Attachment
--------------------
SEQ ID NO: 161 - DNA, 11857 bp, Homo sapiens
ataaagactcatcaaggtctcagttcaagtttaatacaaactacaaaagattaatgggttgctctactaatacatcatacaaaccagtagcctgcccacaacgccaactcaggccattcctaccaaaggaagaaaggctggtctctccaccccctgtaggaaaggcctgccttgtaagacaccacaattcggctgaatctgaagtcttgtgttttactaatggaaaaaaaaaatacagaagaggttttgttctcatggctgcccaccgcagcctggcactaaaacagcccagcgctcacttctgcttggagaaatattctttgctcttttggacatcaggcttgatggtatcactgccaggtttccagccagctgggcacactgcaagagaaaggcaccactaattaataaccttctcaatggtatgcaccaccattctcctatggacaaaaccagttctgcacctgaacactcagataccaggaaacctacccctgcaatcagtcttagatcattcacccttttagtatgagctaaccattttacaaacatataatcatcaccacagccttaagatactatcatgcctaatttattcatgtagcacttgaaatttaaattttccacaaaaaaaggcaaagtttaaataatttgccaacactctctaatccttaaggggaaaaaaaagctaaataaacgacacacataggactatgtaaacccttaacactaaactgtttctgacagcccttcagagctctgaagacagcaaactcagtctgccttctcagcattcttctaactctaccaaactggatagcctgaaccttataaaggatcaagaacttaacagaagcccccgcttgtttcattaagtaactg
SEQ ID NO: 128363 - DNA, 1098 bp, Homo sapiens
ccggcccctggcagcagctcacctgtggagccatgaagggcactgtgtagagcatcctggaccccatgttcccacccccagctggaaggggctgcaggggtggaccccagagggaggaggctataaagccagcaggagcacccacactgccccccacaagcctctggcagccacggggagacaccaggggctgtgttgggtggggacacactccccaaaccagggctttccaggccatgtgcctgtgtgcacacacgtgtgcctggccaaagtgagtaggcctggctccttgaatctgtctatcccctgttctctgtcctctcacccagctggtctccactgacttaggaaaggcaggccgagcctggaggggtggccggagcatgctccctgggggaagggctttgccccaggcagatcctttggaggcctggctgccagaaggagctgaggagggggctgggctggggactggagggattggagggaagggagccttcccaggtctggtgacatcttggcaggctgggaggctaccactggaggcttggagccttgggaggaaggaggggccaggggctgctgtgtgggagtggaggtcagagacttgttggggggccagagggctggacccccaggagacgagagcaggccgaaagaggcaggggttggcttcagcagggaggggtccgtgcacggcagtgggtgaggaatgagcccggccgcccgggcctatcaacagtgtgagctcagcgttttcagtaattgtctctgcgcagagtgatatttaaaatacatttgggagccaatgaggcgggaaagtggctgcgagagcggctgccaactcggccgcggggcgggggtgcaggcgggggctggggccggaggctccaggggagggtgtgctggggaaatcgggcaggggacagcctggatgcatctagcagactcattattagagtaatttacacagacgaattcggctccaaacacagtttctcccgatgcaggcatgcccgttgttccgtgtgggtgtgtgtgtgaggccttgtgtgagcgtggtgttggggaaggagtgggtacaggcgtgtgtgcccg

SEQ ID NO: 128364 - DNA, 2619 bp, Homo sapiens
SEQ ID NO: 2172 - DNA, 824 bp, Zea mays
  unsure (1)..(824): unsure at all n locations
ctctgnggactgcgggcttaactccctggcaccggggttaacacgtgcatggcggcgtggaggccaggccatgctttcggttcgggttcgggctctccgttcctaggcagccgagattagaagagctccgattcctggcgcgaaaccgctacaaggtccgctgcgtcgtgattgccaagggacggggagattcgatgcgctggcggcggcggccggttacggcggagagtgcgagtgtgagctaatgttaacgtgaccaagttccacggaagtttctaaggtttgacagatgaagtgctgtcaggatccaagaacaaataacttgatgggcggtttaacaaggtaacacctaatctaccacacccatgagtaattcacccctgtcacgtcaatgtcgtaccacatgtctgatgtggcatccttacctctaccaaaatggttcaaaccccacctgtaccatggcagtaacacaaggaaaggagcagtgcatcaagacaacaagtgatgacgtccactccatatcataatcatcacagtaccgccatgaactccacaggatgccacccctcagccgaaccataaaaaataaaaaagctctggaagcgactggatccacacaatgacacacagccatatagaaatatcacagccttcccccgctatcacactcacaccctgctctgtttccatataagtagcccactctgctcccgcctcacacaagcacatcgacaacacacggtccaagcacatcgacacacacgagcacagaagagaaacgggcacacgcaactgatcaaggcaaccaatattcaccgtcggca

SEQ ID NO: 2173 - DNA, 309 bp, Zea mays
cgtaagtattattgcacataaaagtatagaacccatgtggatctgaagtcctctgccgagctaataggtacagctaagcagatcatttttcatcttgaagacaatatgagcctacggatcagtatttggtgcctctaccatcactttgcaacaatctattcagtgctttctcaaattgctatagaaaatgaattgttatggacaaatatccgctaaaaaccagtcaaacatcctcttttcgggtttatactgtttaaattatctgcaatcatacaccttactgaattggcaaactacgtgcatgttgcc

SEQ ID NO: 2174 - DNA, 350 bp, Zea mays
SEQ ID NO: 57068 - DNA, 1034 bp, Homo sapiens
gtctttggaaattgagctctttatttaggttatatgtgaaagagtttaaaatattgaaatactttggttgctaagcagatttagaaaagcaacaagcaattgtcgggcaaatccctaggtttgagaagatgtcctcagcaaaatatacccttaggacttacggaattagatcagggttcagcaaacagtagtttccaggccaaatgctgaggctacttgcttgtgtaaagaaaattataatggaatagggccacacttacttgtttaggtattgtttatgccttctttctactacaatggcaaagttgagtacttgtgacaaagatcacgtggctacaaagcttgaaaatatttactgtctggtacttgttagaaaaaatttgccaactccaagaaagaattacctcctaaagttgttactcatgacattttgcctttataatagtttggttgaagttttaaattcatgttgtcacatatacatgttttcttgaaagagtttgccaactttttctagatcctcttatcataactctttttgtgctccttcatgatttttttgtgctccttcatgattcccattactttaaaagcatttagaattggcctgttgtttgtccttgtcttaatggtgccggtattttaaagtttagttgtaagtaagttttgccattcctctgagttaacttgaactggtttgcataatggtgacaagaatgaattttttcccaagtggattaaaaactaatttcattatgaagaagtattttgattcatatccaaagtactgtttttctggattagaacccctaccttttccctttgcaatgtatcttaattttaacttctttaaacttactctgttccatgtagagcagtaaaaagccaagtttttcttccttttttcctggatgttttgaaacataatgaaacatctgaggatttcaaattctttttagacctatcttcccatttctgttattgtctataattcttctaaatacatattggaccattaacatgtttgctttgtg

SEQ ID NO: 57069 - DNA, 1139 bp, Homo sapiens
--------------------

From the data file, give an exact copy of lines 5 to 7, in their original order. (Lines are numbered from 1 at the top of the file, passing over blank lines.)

SEQ ID NO: 128364 - DNA, 2619 bp, Homo sapiens
SEQ ID NO: 2172 - DNA, 824 bp, Zea mays
  unsure (1)..(824): unsure at all n locations